Also, you should be able to find a URL to an article while you are reading the article in question. I heartily agree with Walter R. Johnson that it would make it much easier to understand the truth you are trying to convey if we do not have to make our own searches in order to find the information that you are claiming is relevant to the discussion. If you don't care about the articles, don't refer to them. If you do care, take a moment to copy the url you are at while you are reading them. Thank you.

Posted on Oct 13, 2009 1:02:59 PM PDT
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Posted on Oct 13, 2009 2:10:43 PM PDT
I think the India Daily and Dell Customer Service are the same thing.

I would love to know what some of our most secret engineering projects are - I'll bet they are pretty cool (ET or not).

Posted on Oct 13, 2009 2:35:58 PM PDT
Zack G.C. says:
"I think the India Daily and Dell Customer Service are the same thing."

ROFL Will. :D 

Posted on Oct 13, 2009 2:36:24 PM PDT
D. Kneeland says:
Mrs. Garside says:
"Oh, yes! It astounds me the way so many people denigrate human achievement. Easter Island, the pyramids, Stonehenge-none required 'alien' interference. Don't you think your own species is capable of anything?

As for 'space weapons', I'm sure we'll get there on our own. Whether this is good or bad is another question. . ."

I have to agree. The pyramids is the achievement that usually gets under my skin the most since there's a observable evolution of architecture in all instances that occurred independently with the cultures that built them which all occurred at different time periods. The persistent belief that ET was involved in this phenomena involves a gross lack of knowledge about the development and capabilities of ancient civilizations.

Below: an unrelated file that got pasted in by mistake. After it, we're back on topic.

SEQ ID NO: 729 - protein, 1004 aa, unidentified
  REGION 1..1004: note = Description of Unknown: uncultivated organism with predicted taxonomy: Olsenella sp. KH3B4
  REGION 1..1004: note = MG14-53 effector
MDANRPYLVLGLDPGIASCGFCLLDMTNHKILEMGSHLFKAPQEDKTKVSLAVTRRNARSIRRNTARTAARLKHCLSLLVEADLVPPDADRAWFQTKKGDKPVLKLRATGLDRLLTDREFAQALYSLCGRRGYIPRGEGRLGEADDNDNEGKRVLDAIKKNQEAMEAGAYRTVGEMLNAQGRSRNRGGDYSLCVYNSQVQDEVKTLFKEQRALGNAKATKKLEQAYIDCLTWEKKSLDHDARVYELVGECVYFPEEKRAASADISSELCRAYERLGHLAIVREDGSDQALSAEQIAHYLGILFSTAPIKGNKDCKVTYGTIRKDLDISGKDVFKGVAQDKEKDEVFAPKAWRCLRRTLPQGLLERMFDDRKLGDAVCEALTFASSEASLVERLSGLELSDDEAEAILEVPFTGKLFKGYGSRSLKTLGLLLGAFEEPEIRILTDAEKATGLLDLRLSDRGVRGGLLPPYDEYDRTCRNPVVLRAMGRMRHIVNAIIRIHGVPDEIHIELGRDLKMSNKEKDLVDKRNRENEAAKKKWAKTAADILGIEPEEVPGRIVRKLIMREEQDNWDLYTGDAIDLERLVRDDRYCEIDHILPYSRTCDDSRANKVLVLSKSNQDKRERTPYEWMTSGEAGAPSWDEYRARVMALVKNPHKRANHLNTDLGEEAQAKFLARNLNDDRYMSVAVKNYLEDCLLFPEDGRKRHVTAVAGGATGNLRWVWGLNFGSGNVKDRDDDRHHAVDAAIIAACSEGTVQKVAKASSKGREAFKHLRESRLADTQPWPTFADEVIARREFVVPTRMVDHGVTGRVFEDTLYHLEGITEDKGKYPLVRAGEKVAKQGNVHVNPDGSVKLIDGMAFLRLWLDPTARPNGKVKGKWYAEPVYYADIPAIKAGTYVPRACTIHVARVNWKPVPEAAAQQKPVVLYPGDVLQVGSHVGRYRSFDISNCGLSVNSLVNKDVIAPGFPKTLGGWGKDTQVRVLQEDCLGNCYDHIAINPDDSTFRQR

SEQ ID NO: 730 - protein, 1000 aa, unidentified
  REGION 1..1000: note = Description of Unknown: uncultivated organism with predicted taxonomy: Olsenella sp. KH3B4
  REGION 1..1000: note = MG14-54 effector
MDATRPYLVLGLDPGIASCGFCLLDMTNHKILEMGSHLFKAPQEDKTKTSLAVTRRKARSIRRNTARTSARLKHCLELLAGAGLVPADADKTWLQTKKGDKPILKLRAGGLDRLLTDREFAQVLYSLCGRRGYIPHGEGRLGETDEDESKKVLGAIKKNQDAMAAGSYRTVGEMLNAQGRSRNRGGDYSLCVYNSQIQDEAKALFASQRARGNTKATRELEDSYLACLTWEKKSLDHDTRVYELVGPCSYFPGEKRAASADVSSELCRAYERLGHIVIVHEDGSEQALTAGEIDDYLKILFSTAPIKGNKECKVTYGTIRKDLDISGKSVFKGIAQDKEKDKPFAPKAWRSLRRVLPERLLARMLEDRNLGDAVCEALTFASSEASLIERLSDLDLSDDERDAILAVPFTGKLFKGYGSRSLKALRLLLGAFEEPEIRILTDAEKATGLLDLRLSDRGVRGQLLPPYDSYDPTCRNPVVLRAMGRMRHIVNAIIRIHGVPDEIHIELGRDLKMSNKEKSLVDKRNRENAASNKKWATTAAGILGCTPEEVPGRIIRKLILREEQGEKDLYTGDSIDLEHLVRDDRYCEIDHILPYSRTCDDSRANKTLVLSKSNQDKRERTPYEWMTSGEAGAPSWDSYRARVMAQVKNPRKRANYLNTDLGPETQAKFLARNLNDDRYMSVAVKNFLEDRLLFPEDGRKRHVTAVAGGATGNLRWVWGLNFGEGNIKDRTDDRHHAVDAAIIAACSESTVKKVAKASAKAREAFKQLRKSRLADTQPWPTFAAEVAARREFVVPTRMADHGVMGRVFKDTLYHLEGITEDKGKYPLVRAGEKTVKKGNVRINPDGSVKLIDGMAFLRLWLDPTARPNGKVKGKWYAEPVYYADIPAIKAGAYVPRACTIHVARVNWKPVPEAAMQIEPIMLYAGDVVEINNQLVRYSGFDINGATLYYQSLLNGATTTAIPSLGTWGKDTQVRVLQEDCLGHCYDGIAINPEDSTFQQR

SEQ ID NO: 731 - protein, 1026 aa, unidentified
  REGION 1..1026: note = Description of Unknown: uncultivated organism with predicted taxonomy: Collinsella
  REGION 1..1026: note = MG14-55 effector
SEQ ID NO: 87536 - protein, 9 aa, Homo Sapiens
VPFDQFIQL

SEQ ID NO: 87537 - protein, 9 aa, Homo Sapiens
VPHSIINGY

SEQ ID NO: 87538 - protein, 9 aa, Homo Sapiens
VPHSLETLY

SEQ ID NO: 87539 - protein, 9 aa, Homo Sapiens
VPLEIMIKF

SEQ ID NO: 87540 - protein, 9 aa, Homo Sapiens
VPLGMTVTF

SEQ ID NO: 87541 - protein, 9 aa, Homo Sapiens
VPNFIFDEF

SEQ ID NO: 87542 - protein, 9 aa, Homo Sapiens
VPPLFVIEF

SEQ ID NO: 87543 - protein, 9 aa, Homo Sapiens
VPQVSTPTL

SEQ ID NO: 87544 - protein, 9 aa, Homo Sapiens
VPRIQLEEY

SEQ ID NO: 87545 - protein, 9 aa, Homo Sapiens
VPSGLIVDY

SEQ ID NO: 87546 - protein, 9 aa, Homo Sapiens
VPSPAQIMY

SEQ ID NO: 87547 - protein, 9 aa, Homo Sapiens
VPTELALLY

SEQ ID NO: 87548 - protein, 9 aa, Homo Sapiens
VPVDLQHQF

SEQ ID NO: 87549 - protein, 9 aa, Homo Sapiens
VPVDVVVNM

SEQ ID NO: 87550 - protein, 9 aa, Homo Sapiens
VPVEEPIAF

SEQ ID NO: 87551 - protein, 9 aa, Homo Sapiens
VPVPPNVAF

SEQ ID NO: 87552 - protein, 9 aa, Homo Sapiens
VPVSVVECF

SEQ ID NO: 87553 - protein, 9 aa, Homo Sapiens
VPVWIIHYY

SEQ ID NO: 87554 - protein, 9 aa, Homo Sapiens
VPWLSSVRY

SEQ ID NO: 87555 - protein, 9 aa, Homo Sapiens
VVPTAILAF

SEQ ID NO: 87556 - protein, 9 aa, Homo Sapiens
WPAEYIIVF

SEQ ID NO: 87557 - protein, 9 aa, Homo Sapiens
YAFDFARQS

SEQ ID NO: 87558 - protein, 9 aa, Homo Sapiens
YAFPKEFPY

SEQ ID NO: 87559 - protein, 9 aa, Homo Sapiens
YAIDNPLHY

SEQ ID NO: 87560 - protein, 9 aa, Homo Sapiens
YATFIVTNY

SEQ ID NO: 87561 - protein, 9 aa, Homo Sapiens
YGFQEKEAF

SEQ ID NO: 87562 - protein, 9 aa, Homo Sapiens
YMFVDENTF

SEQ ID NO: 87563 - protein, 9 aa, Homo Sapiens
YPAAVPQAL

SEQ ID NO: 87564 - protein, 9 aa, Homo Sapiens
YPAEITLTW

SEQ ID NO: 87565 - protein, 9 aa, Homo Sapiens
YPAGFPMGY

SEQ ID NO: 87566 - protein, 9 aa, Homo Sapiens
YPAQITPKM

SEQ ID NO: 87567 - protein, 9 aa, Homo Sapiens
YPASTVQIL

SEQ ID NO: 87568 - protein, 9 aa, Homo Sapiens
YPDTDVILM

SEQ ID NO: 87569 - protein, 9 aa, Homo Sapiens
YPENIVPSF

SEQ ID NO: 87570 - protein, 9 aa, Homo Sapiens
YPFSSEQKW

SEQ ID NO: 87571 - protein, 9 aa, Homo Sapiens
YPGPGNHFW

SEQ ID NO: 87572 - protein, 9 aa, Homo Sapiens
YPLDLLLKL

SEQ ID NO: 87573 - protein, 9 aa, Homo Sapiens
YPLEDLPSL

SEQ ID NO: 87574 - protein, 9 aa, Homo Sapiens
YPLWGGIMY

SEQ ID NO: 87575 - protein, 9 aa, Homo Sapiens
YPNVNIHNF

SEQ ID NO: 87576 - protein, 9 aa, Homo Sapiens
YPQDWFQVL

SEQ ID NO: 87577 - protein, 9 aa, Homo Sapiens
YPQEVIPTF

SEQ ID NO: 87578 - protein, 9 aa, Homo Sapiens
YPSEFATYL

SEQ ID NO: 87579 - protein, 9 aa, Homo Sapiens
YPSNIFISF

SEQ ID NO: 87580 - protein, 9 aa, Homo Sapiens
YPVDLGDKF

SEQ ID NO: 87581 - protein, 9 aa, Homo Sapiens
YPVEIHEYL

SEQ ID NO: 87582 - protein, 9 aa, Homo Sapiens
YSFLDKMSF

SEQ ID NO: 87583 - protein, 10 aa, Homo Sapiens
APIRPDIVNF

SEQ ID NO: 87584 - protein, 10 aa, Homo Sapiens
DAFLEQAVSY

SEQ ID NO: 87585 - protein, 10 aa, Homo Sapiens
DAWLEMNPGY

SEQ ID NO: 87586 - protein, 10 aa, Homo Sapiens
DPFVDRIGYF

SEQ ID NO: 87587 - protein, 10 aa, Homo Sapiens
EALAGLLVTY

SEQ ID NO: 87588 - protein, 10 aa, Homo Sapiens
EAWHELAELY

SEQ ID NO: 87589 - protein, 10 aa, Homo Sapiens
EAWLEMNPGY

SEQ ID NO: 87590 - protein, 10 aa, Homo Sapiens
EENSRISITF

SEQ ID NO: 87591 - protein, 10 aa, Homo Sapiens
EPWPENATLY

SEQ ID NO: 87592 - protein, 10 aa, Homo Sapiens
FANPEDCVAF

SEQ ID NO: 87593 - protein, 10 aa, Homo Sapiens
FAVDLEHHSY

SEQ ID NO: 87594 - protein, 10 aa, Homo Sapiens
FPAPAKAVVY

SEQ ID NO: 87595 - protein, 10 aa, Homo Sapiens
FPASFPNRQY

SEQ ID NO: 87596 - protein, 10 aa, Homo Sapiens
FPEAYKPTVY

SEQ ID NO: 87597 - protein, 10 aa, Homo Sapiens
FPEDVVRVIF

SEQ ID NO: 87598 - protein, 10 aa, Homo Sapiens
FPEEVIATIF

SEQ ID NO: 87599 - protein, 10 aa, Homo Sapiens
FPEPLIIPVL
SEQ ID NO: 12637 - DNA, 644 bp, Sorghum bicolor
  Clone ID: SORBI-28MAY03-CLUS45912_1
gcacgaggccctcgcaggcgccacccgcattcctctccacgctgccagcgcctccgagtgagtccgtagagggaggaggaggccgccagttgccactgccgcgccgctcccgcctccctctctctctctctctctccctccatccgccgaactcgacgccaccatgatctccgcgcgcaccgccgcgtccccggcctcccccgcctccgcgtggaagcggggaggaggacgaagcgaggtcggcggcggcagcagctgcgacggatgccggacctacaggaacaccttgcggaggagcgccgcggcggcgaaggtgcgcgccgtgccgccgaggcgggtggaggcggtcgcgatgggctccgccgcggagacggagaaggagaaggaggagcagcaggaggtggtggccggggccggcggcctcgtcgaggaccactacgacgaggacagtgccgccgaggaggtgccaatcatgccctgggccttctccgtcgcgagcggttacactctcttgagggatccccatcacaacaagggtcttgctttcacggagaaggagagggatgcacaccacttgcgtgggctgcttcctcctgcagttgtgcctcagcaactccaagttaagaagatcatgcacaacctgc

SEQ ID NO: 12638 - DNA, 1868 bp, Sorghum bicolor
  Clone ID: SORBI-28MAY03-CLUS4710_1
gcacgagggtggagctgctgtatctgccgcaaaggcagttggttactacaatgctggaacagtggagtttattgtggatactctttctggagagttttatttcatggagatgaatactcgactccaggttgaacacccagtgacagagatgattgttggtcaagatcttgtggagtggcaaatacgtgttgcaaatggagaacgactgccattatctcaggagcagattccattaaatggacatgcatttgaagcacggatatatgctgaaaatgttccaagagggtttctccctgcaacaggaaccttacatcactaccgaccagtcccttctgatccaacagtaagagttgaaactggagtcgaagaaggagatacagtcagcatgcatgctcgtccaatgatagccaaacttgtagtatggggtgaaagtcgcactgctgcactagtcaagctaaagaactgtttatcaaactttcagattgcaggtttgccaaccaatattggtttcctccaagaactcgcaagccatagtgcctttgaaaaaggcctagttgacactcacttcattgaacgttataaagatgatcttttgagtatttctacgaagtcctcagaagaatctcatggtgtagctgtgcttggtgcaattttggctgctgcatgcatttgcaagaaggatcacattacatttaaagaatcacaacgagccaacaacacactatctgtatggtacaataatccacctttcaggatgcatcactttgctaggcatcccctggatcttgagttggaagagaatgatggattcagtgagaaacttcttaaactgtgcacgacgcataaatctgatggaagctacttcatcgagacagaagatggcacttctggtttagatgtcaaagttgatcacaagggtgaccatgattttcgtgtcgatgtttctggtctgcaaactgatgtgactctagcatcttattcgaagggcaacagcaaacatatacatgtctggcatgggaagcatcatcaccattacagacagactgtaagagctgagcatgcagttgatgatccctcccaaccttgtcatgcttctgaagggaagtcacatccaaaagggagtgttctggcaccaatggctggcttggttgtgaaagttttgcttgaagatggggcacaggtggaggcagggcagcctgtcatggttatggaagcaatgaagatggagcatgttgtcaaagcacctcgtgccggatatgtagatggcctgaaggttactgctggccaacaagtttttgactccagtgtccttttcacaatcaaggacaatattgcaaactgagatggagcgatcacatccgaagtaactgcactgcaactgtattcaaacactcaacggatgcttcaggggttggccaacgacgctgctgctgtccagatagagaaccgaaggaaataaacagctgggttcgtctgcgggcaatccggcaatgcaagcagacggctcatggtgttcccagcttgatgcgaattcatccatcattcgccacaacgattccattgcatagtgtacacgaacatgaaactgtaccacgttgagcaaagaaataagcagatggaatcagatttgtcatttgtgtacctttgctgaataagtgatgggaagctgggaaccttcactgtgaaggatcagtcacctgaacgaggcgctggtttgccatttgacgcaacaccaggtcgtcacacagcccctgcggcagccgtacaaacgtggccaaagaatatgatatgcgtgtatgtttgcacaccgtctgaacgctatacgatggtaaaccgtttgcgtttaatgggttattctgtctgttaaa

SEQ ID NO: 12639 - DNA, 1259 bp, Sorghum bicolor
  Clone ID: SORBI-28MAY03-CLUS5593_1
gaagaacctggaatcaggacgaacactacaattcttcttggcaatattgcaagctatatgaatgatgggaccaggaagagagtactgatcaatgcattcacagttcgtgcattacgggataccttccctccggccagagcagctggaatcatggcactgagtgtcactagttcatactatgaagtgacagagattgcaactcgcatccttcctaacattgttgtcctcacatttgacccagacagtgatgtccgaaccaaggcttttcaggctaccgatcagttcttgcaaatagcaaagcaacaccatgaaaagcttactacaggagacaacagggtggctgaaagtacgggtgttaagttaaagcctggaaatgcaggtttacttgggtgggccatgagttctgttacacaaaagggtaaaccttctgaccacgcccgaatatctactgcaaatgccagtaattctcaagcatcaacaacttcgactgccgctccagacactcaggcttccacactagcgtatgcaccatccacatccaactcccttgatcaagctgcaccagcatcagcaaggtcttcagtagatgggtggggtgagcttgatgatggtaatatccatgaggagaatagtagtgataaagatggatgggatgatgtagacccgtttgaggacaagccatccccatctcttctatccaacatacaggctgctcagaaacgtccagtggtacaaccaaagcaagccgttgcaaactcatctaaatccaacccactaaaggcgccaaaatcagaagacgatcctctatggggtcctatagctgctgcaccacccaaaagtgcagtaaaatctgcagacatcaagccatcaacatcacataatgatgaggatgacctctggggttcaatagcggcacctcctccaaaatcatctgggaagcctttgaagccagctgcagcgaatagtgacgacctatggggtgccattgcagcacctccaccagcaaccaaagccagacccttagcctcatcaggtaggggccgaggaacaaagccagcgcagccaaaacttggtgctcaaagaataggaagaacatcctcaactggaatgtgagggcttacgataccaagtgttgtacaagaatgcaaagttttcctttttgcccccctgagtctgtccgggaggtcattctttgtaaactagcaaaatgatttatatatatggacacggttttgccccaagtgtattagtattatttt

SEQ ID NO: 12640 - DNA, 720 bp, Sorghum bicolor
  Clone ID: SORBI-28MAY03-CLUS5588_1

Posted on Oct 13, 2009 8:51:35 PM PDT
Esgaldil says:
Martin - Thank you for including links to the articles, it is very helpful and much appreciated. The DARPA article is actually here:

http://www.globalpolicy.org/component/content/article/153-expansion-a-intervention/26126.html

I'm not sure if a failure rate of 85-90% in the pursuit of genuine innovation should be considered too high. Genuine science always includes testing hypotheses without knowing in advance whether the answer you get will be the one you're hoping for, and the further one travels from the familiar, the more likely it becomes that that path is a dead end - but it is still worth it to try, for that one discovery in a thousand that yields million-to-one results.

In reply to an earlier post on Oct 14, 2009 1:00:34 AM PDT
M. Helsdon says:
"Many DARPA grants end up at the University of Florida. The "listing" of their Laboratories includes "International Center for Lightning Research and Testing" (Picking up where Tesla left off?)"

An easy assessment of their website and list of projects demonstates that instead of any 'Tesla'-conspiracy technology, they are researching lightning, its attributes and its impact on aircraft and other equipment and how to protect them from lightning strikes.

http://www.lightning.ece.ufl.edu/

No imaginary alien tech here. The other laboratories look equally prosaic.

Conspiracies and technological fables seem to gather around Tesla, and whilst he was a genius and towards the end of his life a very tragic figure, there's no evidence that any of his wilder ideas (death rays etc.) were ever anywhere near development or inspired by ETs.

Posted on Oct 14, 2009 5:29:41 AM PDT
Yog-Sothoth says:
"International Center for Lightning Research and Testing"

Well, Helsdon beat me to it - the Center is EXACTLY what it claims - a center to study lightning. I studied there a few years ago. Florida was picked because it has a high number of thunderstorms year-round.
Sorry, no arcane, "forbidden knowledge" there.

Posted on Oct 14, 2009 5:48:53 AM PDT
Yog-Sothoth says: